Your returns matter, a lot
After three separate conversations last week about how poorly people’s investments are performing over a multi-year period, I realized there is an issue I need to address.
Talking future performance returns in the investing industry is taboo. The SEC, rightfully so, doesn’t allow advisors in any way, shape, or form, to persuade others by promising future results.
So, let the record show, this blog is NOT about what Beck Bode’s future performance expectations are.
Back to my conversations - the three people who approached me said something like this, "I don't think my investments are performing very well. Does X percent sound low (1, 2.5, and 4%)?"
Depending on your investing goals, 1%, 2.5%, or 4% may fall right in line, but for these people it didn’t. They were trying to grow their money. They weren’t trying to be conservative. They deserved better.
Two of the three weren’t even keeping up with inflation, which raises on average 3% per year. The other wasn’t a whole lot better at 4% annualized.
I get it, returns are never guaranteed, and nobody can predict the future, but if the S&P returns about 12.6% annualized (assuming dividends are reinvested) from May 2013 to May 2018 , and you want your money to grow, the growth portion of your allocation should be somewhere around that number, not between 1-4% like the people I talked to last week.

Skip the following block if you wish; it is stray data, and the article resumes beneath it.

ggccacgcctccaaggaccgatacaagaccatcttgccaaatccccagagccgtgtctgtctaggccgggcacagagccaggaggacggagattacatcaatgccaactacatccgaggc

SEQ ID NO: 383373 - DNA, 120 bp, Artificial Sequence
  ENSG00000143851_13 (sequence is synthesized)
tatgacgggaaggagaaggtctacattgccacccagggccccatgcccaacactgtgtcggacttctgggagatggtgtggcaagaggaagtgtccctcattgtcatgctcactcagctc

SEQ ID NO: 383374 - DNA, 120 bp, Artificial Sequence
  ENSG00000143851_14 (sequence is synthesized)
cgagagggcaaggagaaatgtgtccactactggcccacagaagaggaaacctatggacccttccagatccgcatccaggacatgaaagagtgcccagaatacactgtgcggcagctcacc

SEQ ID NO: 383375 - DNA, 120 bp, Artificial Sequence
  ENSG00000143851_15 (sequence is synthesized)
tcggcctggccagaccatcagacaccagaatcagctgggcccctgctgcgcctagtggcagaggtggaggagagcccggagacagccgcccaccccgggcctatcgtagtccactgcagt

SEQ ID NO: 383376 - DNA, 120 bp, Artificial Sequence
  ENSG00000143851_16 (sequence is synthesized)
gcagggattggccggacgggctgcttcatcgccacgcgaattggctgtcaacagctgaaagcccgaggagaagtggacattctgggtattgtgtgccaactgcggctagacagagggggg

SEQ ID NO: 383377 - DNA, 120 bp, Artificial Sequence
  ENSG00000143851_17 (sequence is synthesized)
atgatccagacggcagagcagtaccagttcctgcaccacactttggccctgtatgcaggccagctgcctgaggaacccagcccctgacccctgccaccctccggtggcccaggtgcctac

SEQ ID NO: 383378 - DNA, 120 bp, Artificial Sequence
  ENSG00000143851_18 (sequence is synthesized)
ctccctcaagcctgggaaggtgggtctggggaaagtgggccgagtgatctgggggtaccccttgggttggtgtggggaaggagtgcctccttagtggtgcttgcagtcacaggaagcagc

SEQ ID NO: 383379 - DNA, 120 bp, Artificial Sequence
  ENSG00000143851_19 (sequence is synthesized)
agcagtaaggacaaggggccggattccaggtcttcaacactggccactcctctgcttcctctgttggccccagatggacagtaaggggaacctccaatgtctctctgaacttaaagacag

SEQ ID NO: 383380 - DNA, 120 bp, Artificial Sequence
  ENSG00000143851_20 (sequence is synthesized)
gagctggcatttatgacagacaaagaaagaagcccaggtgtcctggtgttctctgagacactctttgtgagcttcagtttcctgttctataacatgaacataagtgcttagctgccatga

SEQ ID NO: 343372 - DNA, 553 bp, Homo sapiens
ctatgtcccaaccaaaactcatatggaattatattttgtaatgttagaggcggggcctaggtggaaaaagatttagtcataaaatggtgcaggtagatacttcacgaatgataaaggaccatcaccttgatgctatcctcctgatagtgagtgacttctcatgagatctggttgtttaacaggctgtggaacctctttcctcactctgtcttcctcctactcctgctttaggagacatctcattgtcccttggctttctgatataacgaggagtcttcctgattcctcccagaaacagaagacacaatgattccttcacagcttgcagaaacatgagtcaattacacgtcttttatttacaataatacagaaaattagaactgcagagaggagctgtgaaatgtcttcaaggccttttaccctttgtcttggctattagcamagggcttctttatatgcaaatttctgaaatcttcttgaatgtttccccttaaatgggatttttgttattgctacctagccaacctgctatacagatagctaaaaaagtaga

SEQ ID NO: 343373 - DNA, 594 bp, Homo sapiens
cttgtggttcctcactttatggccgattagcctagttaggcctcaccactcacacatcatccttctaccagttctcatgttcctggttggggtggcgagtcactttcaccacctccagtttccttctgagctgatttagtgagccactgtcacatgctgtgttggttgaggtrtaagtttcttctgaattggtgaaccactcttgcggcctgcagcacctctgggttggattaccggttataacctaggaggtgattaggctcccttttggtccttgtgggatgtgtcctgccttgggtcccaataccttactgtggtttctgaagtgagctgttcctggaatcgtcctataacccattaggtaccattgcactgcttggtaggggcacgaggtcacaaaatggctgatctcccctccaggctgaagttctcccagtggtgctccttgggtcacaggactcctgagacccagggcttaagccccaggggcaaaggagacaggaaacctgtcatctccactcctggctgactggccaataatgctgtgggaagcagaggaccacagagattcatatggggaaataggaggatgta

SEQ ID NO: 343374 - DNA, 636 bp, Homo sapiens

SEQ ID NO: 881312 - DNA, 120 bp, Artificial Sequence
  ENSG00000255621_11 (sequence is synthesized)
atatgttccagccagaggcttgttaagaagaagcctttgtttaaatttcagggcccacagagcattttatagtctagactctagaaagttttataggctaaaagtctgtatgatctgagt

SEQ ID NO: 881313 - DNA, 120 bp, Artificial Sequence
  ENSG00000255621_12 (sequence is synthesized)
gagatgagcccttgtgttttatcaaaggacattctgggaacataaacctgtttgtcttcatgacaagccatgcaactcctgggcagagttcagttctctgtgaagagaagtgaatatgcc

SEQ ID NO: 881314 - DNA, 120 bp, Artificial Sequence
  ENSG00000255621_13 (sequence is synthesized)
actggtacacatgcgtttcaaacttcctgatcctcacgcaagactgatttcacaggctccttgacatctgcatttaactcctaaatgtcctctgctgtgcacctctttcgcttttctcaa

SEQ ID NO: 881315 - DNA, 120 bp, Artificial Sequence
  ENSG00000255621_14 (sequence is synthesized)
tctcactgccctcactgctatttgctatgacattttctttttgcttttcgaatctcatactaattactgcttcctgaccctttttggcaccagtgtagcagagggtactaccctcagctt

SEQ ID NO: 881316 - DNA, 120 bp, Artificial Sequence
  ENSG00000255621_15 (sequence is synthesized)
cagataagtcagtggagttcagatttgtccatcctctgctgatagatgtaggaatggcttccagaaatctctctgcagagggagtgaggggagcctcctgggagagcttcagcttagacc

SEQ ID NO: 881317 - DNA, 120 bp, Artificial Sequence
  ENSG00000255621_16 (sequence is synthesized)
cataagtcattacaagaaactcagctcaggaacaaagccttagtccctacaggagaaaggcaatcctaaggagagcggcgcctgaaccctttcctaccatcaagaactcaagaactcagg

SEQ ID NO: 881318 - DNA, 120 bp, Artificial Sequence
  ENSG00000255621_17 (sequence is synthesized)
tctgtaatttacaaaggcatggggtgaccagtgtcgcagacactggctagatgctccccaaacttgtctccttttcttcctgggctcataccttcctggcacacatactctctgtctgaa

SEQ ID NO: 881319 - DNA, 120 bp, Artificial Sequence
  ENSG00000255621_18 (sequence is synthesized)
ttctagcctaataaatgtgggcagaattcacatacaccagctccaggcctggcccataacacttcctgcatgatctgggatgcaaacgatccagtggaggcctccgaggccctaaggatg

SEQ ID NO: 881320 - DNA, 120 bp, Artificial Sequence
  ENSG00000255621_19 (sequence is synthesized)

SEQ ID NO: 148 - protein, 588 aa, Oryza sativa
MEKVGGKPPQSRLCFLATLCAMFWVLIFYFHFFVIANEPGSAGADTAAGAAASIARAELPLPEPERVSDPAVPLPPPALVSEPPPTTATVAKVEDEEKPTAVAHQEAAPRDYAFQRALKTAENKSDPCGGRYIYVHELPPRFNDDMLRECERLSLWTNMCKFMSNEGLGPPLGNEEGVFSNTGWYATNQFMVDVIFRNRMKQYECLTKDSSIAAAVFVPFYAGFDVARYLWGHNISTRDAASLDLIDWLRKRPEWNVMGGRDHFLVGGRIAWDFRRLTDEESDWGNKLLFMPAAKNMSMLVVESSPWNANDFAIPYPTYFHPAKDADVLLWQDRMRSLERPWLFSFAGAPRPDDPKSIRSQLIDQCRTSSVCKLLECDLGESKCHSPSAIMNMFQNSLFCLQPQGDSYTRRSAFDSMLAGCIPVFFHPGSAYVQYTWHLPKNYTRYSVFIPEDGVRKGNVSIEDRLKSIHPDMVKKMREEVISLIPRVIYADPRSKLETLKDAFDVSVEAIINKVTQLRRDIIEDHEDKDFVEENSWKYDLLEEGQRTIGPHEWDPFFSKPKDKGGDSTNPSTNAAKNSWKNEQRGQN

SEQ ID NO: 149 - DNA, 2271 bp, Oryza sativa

If you’re in this position, what should you do?
Be proactive. Take action. Always look at your returns through the lens of your goals and risk tolerance. Those determine your allocation.
Now look at your monthly statement. If your performance over a 5+ year period isn’t keeping up with its appropriate benchmark, ask questions:
Why the underperformance? Should you adjust the allocation? Have your goals changed? Does an index fund make more sense if you are overpaying an active manager to underperform?
Most importantly, don’t wait for a major life event to reassess your investments!
Our personal health, bet it physical, financial, spiritual, or emotional, is almost always a back burner item until a major life event happens. Then it comes to the forefront for a short time, only to slowly move back as the dust settles.
How often do we change jobs, have a child, experience the death of a loved one, buy a home, etc, and say to ourselves, “Now I’m going to get my eating right, get back to the gym, get my finances in order, go back to church, etc.”
There is no reason to wait for a major life event. Take action today. It could make you a whole lot more money in the long run.
Want to learn more about Beck Bode? Click here.